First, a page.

Killing Me Softly

The notebook market is growing at an astonishing rate in the Middle East, pleasing vendors and distributors alike. The channel however, is telling a different story. Margins are being squeezed so tight that making a profit is almost an impossibility, and resellers are crying out for some help to try and solve the problem that is threatening to kill their business.

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By  Colin Browne Published  March 29, 2001

Introduction|~||~||~|The concept of being able to work anytime, anywhere, is made possible by the notebook. With the average notebook becoming lighter and smaller, incorporating features such as wireless, Bluetooth and biometric technology to improve security and connectivity, it is no wonder, with the same specifications as a PC that the notebook industry is beginning to take off in the Middle East.

It is not just road warriors that find notebooks indispensable, home users are catching on fast, enamoured with the ability to use the laptop anywhere in the home, or garden for example.

It is this change in lifestyle and the acceptance of technology, including e-commerce and its benefits that have accelerated the sales of notebooks in the region. “The notebook market has definitely grown with the passage of time, and I think the future is the notebook,” says Usman, showroom manager for ARC, a notebook reseller.

The general euphoria at the uptake of notebooks by businesses and home users alike, is shared mainly between the vendors such as Compaq, IBM, HP, Fujitsu-Siemens, Acer etc, whose machines grace the showrooms of every reseller. Distributors are happy with the situation as they shift large volumes of branded notebooks down to the channel. Resellers however, do not seem to be happy with some aspects of the notebook market.

As a notebook passes from the vendor and then down to the distributor, both parties take their margins. By the time the notebook reaches the reseller, the margin has been cut substantially. However, notebooks supposedly retain a relatively high-margin for the channel, irrespective of the downward spiral of margins overall in software and hardware. “Notebook margins are still high where partners are concerned, compared to PC prices,” says Mike Smith, customer services manager, Compaq MEMA.
||**||Margins not what they should be|~||~||~|In theory, notebook margins should indeed be high—maybe higher than PCs—when in actual fact, this is not true, at least for resellers. “We make about 25 Dirhams on each notebook that we sell,” Ashok Harpalani, managing director of Computronics told CRN.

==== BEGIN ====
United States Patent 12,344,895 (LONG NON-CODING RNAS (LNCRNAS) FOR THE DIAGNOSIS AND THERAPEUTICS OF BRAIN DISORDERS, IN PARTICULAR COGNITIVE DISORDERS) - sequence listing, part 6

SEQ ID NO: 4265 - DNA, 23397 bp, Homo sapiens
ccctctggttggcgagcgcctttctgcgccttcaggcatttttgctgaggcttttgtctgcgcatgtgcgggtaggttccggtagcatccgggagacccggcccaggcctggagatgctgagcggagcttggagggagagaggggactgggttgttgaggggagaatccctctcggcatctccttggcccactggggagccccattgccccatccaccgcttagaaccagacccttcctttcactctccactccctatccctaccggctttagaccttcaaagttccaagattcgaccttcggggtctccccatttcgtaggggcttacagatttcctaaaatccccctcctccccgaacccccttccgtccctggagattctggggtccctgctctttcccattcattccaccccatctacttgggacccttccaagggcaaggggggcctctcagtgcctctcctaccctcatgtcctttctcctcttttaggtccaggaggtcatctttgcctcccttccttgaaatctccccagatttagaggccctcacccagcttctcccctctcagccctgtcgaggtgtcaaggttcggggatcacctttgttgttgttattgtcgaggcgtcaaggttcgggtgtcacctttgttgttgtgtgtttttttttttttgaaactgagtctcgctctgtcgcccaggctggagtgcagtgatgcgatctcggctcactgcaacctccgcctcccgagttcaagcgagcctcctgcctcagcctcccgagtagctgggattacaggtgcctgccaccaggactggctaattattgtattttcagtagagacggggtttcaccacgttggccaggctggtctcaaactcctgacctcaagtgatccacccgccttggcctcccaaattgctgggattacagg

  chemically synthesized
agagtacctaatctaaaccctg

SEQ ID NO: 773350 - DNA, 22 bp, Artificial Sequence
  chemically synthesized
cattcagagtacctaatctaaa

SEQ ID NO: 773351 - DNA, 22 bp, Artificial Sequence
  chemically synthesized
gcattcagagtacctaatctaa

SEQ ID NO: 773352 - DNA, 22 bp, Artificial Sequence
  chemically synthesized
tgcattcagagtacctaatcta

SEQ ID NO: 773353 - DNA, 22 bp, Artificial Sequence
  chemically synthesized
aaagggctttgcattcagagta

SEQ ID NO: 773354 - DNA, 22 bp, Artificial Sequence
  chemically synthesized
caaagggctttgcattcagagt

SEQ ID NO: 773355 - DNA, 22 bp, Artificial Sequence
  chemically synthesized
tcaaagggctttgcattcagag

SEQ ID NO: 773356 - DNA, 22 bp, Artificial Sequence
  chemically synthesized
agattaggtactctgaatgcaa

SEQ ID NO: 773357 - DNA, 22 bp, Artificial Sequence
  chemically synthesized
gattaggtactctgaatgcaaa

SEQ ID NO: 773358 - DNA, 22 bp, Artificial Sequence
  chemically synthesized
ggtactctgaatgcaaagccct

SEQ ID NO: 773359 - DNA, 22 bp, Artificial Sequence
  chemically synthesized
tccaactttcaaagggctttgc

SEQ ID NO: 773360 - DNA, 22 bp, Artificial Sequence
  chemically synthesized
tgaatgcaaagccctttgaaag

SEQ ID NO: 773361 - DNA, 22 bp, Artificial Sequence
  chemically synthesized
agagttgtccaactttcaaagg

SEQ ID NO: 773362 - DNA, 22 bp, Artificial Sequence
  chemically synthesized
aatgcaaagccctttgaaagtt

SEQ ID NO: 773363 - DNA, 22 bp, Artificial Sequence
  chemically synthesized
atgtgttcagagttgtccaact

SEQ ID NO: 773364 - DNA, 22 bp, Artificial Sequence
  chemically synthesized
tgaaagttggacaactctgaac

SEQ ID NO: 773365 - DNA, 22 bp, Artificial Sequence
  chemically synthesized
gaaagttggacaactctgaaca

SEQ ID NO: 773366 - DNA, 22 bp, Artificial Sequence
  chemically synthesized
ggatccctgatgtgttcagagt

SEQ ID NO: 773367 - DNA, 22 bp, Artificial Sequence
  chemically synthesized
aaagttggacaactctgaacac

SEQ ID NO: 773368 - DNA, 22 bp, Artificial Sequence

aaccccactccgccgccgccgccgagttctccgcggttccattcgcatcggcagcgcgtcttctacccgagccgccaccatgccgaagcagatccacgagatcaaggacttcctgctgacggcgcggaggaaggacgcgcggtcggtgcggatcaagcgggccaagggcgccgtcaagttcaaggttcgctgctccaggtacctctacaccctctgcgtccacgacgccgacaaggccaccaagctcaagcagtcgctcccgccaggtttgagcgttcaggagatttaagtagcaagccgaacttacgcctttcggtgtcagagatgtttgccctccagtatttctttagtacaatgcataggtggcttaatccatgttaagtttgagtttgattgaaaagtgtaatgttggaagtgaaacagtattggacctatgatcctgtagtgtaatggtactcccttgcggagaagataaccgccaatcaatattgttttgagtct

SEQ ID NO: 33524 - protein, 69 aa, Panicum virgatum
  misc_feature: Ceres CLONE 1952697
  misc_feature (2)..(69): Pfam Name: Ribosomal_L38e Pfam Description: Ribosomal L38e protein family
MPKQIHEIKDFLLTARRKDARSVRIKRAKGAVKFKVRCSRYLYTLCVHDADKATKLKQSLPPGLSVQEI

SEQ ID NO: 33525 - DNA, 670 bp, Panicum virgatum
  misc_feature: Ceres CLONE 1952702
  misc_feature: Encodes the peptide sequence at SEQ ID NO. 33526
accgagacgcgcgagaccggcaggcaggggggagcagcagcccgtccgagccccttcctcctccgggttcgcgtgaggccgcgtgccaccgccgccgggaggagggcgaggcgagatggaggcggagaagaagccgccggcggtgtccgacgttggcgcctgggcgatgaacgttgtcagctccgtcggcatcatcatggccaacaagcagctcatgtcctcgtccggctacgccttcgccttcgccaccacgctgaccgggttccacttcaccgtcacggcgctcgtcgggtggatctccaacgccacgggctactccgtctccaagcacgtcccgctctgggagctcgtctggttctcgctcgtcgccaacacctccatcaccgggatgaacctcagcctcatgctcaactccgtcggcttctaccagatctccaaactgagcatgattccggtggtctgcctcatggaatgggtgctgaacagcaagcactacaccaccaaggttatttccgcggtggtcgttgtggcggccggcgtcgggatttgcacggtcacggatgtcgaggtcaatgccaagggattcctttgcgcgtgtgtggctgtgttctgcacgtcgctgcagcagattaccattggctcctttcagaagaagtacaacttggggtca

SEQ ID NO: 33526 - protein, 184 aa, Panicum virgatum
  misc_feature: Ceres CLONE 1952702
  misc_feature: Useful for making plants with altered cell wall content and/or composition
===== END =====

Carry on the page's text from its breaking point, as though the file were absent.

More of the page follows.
“Usually the margin for notebooks is between 25-50 Dhs,” agreed Sivaram, showroom manager at Supertech.

With a reseller such as Computronics selling on average four hundred notebooks a month and making around 10,000 Dhs (less than three thousand dollars), the margins from selling notebooks are clearly not what they should be. “The money that we make from notebook sales is absolutely nothing,” says Harpalani.

One of the reasons for this situation some dealers believe, is vendors now allow more than one distributor to sell their products. Previously, a lot of vendors had one distributor, and that distributor had its channel. Nowadays, vendors have any amount of distributors, allowing any reseller to get their hands on the products. On the one hand, this allows resellers to decide which distributor to use and to command better pricing.

“The distributors are fighting between themselves, so the customer [reseller] can take advantage of the situation,” Harpalani told CRN.
On the other hand, as a consequence of this, walk into any reseller that sells notebooks, (and that is the vast majority) and exactly the same brands of notebooks will be found. “Everyone is keeping the same products, and the market is not that good as there are so many players now,” says Harpalani.

And it is for precisely this reason that a lot of the problems plaguing resellers maintaining low margins from notebooks, arises. Because everyone sells the same brand notebooks, customers are able to go from one shop to another, getting each reseller to drop prices. Which they do. On top of this, the competition between each reseller in terms of selling a notebook means prices are already at rock bottom in an attempt to make that sale.